The initial search delivered 350 articles, of which five were obtained from grey literature; the majority of the other articles were obtained from Google Scholar and PubMed. After exclusion due to not being relevant to the topic of discussion, 80 articles were included. After the second screening was done, another 35 articles were excluded as there were two duplicates, and the other 33 articles did not answer the research question. A total of 45 articles were included for critical appraisal. Based onthe critical appraisal results of the researcher and independent reviewer, 34 of these articles were excluded, with only 11 articles included in the integrative review analyses. The selection process of the studies is outlined in Fig. 1.

The characteristics of the 11 included articles (Level II n=3, Level IV n=8) are presented in Table 2.

Discussion

From the data analysed, different methods were identified to verify ETT placement in adult mechanically ventilated patients. The accuracy of any technique to identify correct ETT placement is based on its sensitivity (ability to detect whenever tracheal intubation does occur) and specificity (ability to detect whenever tracheal intubation does not occur).

Ultrasonography

Two of the 11 studies, which were both randomised controlled trials, reported that ultrasonography is a reliable verification method; Muslu et al. [10] reported 100% sensitivity and specificity and Werner et al. [11] reported 100% sensitivity and 97% specificity. The use of ultrasound may be limited by availability of both expertise and equipment.

Using centimetre scale printed on the ETT

Sitzwohl et al. [12] explored three methods, namely the use of bilateral auscultation of the chest, observation and palpation of symmetrical chest movements, and the use of centimetre scale printed on the ETT. Their study showed that among single tests, the best way of excluding endobronchial intubations with the highest sensitivity was by observing the centimetre scale on the ETT. However, when all three bedside methods were combined, sensitivity was higher than observing the centimetre scale alone. Varshney et al. [13] reported in their study that the centimetre scale printed on the ETT could be used as a verification method. They suggested that optimal depth of the ETT placement could be estimated by means of a formula: height in cm/7-2.5. The study further recommended the 21/23 cm rule, i.e. a correct depth of 21 cm for women and 23 cm in men when checking the ETT length. According to their study, the method is height dependent and should not be used as the sole verification method. As only two studies were found that highlighted this verification method, more research is needed to confirm this method for verification of ETT placement.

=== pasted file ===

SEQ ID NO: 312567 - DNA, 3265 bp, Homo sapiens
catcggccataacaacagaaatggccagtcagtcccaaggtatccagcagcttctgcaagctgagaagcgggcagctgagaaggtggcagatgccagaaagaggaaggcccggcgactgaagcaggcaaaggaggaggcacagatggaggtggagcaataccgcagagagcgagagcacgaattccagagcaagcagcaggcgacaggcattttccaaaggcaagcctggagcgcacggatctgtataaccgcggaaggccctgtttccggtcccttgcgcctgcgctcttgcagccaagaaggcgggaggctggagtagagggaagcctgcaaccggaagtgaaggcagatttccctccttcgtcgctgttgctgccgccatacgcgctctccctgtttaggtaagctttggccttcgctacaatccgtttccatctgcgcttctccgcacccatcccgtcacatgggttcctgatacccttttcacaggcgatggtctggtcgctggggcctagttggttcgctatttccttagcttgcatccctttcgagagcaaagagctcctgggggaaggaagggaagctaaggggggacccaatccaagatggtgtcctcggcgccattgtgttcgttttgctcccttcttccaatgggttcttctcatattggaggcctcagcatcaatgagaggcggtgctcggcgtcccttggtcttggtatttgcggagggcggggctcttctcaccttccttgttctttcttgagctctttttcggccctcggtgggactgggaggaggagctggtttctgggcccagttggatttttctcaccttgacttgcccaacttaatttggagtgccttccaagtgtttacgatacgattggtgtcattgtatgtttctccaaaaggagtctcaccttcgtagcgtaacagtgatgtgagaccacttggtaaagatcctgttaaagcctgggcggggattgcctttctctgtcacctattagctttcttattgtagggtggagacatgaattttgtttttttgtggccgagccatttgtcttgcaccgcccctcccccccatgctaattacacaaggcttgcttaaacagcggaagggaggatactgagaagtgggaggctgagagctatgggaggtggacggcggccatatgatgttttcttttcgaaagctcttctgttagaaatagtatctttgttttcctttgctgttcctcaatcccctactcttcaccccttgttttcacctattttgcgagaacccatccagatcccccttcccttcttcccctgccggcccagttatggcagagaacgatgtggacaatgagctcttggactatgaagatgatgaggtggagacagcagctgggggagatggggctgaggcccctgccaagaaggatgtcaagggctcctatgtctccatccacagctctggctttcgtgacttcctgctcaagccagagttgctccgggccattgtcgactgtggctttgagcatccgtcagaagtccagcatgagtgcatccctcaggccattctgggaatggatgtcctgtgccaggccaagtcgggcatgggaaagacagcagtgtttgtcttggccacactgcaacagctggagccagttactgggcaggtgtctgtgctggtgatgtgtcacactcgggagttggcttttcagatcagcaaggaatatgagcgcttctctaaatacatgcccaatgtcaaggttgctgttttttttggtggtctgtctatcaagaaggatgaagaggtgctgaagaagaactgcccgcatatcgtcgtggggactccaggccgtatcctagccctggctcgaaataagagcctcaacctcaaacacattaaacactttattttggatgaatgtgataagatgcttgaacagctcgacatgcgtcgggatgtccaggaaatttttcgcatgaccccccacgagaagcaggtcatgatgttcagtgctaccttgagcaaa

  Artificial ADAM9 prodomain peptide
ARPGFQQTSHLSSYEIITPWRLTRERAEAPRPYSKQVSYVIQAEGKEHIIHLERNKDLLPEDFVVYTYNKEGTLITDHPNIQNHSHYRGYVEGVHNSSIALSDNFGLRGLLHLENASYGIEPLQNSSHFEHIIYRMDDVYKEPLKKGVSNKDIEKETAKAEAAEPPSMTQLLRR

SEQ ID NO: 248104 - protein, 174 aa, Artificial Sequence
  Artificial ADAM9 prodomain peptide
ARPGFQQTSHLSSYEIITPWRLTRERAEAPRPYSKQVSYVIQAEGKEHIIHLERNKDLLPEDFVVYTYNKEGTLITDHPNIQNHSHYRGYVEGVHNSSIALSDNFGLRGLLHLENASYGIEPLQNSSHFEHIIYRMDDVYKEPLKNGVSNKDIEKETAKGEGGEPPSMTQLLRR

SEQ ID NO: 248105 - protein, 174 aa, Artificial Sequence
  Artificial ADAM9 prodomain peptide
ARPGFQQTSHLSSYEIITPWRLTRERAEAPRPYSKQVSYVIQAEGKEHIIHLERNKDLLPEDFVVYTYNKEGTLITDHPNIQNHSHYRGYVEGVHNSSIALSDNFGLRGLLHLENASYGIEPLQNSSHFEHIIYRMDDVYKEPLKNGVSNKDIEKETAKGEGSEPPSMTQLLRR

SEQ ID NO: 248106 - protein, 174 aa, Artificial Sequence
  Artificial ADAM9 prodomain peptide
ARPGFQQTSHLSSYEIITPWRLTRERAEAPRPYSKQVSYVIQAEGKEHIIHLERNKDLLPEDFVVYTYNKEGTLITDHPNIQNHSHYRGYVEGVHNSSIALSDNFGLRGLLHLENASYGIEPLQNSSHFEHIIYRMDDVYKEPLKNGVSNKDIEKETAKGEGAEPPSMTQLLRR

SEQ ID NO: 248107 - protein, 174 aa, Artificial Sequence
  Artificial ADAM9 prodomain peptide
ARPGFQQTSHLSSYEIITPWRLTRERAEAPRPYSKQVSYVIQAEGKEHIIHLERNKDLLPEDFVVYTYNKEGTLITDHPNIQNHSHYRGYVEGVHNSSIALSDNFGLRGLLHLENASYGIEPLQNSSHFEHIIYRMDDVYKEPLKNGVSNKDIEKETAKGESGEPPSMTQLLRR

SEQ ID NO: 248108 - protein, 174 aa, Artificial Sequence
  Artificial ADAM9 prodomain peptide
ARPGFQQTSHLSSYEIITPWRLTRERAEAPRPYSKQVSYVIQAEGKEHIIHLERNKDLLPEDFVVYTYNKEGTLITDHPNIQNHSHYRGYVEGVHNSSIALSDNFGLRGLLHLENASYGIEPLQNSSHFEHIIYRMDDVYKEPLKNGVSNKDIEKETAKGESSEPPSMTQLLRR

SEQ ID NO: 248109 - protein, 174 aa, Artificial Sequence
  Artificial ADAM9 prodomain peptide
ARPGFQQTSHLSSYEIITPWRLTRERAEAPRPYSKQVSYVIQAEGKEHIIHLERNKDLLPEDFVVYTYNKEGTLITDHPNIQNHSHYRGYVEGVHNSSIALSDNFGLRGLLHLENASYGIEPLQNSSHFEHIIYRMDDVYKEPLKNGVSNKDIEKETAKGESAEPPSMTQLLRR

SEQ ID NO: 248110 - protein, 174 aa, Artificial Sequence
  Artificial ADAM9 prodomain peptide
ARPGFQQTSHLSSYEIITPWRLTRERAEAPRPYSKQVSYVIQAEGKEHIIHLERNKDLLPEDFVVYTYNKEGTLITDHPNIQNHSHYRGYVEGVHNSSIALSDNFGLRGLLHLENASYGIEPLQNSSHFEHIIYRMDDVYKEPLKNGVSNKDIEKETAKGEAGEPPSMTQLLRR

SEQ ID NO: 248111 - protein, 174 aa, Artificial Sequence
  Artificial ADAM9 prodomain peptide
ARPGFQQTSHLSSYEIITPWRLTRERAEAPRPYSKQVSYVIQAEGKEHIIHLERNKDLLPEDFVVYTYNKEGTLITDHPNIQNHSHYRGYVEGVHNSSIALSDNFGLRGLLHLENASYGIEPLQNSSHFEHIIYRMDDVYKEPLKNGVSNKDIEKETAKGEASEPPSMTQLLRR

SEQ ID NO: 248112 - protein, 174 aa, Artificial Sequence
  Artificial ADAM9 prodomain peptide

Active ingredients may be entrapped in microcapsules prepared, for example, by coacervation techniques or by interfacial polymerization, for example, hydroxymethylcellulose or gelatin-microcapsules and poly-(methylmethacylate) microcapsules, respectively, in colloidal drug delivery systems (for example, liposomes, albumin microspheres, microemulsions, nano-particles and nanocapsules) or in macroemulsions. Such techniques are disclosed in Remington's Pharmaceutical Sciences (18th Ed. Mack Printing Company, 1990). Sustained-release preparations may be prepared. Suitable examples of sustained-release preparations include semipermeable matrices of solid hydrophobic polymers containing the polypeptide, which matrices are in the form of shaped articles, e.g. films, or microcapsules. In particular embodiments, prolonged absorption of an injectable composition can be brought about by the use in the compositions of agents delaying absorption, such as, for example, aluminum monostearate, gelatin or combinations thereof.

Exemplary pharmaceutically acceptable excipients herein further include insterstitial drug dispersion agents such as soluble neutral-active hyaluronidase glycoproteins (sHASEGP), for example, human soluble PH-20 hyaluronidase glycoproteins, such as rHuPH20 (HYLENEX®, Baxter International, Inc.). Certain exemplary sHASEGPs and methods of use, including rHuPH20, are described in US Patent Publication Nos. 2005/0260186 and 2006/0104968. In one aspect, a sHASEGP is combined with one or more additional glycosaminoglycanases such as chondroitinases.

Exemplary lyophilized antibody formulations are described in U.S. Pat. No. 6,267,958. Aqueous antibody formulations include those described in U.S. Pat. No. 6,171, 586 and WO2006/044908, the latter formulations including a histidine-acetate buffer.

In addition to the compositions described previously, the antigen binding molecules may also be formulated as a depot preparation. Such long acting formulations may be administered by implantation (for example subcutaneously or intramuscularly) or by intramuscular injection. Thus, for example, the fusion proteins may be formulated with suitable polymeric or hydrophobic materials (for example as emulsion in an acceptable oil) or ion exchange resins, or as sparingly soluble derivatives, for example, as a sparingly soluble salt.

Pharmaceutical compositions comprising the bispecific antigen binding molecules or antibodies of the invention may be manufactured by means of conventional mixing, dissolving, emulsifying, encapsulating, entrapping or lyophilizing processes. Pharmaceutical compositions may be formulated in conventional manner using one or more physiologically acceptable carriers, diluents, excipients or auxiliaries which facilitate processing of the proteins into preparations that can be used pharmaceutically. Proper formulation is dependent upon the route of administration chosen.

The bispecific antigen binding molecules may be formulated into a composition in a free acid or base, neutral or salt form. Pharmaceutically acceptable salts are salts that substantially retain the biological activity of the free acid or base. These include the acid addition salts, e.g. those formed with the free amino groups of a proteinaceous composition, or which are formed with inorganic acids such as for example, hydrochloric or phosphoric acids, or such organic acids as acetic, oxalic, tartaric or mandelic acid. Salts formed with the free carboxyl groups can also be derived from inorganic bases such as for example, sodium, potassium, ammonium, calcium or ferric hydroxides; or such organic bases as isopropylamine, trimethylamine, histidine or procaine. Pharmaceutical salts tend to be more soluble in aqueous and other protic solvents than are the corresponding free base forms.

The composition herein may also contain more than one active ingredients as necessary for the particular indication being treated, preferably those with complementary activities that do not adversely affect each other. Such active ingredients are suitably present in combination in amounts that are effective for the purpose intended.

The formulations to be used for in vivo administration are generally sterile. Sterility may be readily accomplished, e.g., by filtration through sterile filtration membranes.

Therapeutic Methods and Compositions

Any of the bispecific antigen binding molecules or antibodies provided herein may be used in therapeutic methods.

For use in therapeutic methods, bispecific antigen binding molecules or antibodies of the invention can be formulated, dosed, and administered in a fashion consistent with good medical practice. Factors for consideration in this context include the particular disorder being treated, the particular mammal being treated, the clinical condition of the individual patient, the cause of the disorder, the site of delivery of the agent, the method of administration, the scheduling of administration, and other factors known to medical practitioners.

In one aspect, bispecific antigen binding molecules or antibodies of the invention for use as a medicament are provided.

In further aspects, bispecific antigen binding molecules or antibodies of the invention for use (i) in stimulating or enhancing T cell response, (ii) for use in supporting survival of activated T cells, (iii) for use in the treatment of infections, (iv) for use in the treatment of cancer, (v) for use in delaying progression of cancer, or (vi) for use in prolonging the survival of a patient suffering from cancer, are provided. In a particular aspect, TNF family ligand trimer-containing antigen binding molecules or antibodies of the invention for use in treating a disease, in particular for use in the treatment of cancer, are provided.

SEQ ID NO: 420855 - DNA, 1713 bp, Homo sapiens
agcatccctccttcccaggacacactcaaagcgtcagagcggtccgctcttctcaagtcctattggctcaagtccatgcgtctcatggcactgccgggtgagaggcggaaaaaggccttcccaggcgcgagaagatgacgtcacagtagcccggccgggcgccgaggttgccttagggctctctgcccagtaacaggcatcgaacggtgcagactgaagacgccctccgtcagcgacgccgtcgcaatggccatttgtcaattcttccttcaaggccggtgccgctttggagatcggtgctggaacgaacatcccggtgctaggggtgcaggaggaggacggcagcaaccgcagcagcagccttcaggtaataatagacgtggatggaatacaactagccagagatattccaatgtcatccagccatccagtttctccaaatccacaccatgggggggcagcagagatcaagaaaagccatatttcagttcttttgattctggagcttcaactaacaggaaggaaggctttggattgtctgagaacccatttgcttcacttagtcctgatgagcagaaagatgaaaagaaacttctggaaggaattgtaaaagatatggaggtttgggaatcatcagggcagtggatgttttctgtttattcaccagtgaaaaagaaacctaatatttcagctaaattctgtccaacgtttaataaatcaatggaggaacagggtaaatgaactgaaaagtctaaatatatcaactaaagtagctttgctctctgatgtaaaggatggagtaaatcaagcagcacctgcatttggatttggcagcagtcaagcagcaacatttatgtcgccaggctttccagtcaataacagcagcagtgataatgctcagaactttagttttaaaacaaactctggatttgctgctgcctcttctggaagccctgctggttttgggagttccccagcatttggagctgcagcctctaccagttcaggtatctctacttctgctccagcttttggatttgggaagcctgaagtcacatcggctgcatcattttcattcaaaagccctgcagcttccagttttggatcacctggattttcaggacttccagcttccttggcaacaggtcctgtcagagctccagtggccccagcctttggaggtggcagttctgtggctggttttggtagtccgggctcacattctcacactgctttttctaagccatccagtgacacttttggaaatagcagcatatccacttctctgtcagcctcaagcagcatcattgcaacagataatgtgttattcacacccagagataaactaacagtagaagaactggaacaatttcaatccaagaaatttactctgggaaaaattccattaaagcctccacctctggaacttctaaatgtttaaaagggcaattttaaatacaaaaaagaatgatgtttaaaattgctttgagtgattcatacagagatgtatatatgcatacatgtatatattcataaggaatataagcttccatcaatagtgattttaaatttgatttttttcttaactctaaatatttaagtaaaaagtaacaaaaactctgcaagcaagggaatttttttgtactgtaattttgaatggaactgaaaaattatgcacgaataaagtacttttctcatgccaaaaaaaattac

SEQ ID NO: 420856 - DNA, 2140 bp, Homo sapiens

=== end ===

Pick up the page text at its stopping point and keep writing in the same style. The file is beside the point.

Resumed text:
Manual cuff palpation

Two of the 11 studies highlighted the use of ballottement, or manual cuff palpation, to determine if the tube is at the correct depth. This involves palpating the pilot balloon by applying pressure in the suprasternal notch. Manual cuff palpation is a simple technique, but is limited in identifying intubations of appropriate depth. Ballottement was also found to lead to complications due to pain and unwanted rise in both blood and intracranial pressures, and is therefore not recommended for use in the critical care setting. [13-18] This method is thus not recommended for ETT placement verification.

Bilateral auscultation of chest and palpation of symmetrical chest movements

Bilateral auscultation of the chest can be done to identify and prevent possible endobronchial intubation. Although auscultation of the lungs can be used to verify the position of the ETT, it may be deceptive in patients with decreased lung compliance or in patients who experience severe bronchospasm. [12] In false negative results by auscultation, examiners did not clearly hear breath sounds and did not see good chest wall excursions because of obesity, or breath sounds were mistakenly identified as stomach gurgling in some clinical conditions such as pulmonary oedema, excessive secretions or aspiration. [17,19] Auscultation is a common method to ensure correct placement of the ETT; however, it is inaccurate when used alone and by inexperienced examiners. Furthermore, auscultation does not reveal how well the lungs are functioning and whether or not blood is being oxygenated effectively for gaseous exchange. [17] Auscultation and palpation of symmetrical chest movements are most reliable when used with other methods, such as capnography. [13,17]

Capnography

Five of the 11 studies (all observational) recommended capnography as the most reliable method for confirming ETT placement in all settings, including the operating theatre. [14-17,17] According to Simpson et al., [14] capnography should be used to confirm ETT position in all intubations, including those performed outside the operating theatre. [13] Delorio [15] confirmed that capnography is the recommended method for ETT verification, but also recognised that the use of capnography is limited and is often either not available or inconsistently applied in ETT verification. Dittrich [16] confirmed that capnography is the most reliable method for verification of the ETT. This study showed that of three methods explored, capnography had the highest sensitivity (93%) and specificity (97%). An advantage of using capnography is that the method may be more easily applied without the need for specific expertise, compared with ultrasound.